Bakemonogatari: The Dying Bird is a type of supernatural creature that reincarnates itself into human form; the resulting human is immortal, and will rapidly regenerate/recover from any injury or illness. The resident specimen, Tsukihi, ends up suffering this trope because of this. For example, Yodzuru and Yotsugi's plan for capturing her involved walking up to her house, ringing the doorbell a few dozen times, and then abruptly blowing off the entire upper half of her body when she finally answered the door.
There's also Araragi himself, who thanks to retaining some powers from having been a vampire, possesses a strong Healing Factor and can survive from fatal injuries, like his heart being crushed into smush. He gets beaten to an inch of his life several times through the series in an exessively gory fashion to show off his determination.
Attack on Titan: Levi will occasionally take advantage of Eren's Healing Factor. He brutally beat him for speaking out in court, and his plan to avoid killing him if he rampages in titan form involves cutting him out, severing all four of his limbs in the process. Annie, Reiner and Bertholt couldn't afford to be gentle in their kidnapping attempts, either.
Several attempts to stop the villain Juggernaut. On one occasion he took a pair of katanas through the eyes. In another battle, all of Juggernaut's flesh and organs were magically incinerated by a powerful demon. Said demon was horrified when Juggernaut's skeleton kept marching toward him. For the most part it takes high-level magic (the above-mentioned swords were magical) to even scratch him, since his power source is a high-level god.
Wolverine has fallen prey to this many times. He is often burned to a crisp, has all of the metal pulled out through his pores by Magneto, and at one point The Punisher shoots him in the crotch with a shotgun, where he then gets his legs sawed on by midgets, and then flattened by a steamroller. There is also an episode in the animated series where Proteus uses his reality altering powers to rip Wolverine in half and then melt him into a puddle (he comes out crying). The other X-Men are also attacked by Proteus, but no one else gets the horrific treatment, even though in this case they may have survived afterward since Proteus's effects go away when he leaves the area.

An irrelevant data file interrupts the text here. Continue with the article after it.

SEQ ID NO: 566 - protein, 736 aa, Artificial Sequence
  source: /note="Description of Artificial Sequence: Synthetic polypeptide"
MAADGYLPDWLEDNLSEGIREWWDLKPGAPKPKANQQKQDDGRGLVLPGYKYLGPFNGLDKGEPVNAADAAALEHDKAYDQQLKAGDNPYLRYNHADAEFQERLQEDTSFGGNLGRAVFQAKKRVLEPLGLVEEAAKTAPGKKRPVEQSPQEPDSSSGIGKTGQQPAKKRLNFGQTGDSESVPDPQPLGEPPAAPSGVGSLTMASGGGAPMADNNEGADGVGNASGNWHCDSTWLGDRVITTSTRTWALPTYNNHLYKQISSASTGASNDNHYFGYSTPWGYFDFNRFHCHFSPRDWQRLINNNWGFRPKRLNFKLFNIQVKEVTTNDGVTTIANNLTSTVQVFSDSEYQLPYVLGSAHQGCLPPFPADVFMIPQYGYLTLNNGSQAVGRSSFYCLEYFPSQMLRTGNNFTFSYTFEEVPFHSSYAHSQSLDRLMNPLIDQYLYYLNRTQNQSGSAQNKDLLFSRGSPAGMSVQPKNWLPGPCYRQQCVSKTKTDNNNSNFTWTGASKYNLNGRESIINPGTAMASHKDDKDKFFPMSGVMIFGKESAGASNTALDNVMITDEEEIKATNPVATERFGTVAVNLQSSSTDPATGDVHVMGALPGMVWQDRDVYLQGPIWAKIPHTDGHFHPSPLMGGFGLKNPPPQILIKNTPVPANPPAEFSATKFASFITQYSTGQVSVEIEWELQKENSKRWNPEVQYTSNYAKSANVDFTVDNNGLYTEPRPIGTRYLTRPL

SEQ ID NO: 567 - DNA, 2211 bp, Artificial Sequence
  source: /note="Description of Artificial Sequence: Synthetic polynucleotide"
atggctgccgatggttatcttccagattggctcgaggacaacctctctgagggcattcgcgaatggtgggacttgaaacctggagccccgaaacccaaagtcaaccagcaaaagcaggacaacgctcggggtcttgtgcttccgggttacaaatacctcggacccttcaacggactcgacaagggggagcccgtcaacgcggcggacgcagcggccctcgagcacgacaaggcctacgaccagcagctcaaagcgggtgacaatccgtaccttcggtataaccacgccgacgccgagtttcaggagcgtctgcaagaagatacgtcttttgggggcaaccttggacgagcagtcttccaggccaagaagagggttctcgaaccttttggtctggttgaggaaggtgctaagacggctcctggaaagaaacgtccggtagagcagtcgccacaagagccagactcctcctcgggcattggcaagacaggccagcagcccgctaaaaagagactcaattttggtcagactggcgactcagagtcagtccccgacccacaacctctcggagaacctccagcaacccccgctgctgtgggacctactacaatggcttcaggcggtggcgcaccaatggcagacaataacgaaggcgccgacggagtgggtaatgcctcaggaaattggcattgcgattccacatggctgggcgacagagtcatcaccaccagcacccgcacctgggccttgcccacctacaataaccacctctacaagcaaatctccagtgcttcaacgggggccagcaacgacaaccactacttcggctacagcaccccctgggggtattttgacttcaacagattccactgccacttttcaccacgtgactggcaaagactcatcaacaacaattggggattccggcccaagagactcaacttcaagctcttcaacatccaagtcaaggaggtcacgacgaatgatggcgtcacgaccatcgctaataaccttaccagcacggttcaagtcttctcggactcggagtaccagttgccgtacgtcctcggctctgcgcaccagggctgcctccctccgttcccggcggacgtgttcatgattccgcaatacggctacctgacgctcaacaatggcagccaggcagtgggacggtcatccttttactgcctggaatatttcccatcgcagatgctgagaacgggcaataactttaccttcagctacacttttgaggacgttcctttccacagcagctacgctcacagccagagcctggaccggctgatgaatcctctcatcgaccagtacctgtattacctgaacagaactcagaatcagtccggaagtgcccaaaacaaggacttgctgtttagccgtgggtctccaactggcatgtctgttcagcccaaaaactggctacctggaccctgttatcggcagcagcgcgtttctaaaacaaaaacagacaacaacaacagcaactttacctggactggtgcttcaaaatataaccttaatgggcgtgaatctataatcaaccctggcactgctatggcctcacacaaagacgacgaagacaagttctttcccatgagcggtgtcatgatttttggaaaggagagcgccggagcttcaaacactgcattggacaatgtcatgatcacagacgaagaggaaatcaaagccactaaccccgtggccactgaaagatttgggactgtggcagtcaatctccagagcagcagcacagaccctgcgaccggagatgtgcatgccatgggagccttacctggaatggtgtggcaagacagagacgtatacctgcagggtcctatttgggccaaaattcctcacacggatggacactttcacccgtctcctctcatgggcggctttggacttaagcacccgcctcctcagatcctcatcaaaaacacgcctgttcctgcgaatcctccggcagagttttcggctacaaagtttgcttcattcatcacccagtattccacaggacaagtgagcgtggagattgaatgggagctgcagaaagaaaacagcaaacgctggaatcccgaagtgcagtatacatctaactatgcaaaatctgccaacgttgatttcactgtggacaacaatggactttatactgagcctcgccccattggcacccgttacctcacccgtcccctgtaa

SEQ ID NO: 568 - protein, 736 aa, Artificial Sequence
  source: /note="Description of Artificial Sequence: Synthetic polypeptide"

Likewise, The Hulk is not only Nigh Invulnerable, what damage he DOES take regenerates near-instantly. There's a few strategies that might be instant death, usually involving severe cranial damage, but they're still not sure he'd stay down. He was once caught in a horrid explosion and reduced to a charred skeleton with a few bits of flesh left over. His response? "Give me a minute." Four panels later it was like nothing happened. For the record, it DID hurt, a lot, but it also got him even MORE angry than usual.
Neil Gaiman's The Sandman series features the immortal Cain and Abel, the former frequently murdering the latter over a minor dispute or simply to pass the time.
In the Ultimate Marvel universe, Hawkeye remarks during a fight that the best thing about killing Multiple Man is that there's always more of him.
Deadpool: During one crossover, Bullseye slit Deadpool's throat with a straw because he was talking too much.
Deadpool's sometimes-partner Cable has been known to telekinetically blow up his brain to get him to shut up for an hour or so.
DC Comics character Resurrection Man gets this a lot, naturally. One issue has a confused Batman trying to figure out why the same guy keeps getting murdered by Gotham City criminals. A crossover with Hitman sees Hitman repeatedly shooting him over and over until he gets a useful power. In the 853rd century, even Resurrection Man himself gets in on the act, wearing a gauntlet that lets him commit instant suicide.
Multiman gets this in Last Laugh, where The Joker repeatedly murders him until he gets a power useful in escaping prison. Afterwards, the entire prison gets sucked into a black hole, stranding a number of people. They eventually escape... by repeatedly murdering Multiman until he gets a power that helps them escape.
Luminosity: The Volturi keep vampires disassembled, in case they can ever find a way to bring them to their side. Sort of like freezing someone, except they're in terrible pain. And alone. For years.
Films — Animated
Wreck-It Ralph: As long as a video game character is in their own game, they will regenerate if killed. That's how villains can be defeated day after day. However, if they're are in another game, the character is Killed Off for Real.
Films — Live-Action
In Pirates of the Caribbean: Dead Man's Chest, Captain Jack Sparrow has developed a habit of shooting the undead monkey whenever he is angry.
Men In Black has Jeebs, who can regrow his head. Knowing this, the Mi B like to blow his head off any time they are angry, or if they want something from him, or even if they just feel like it. However, he still does feel excruciating levels of pain when they do it.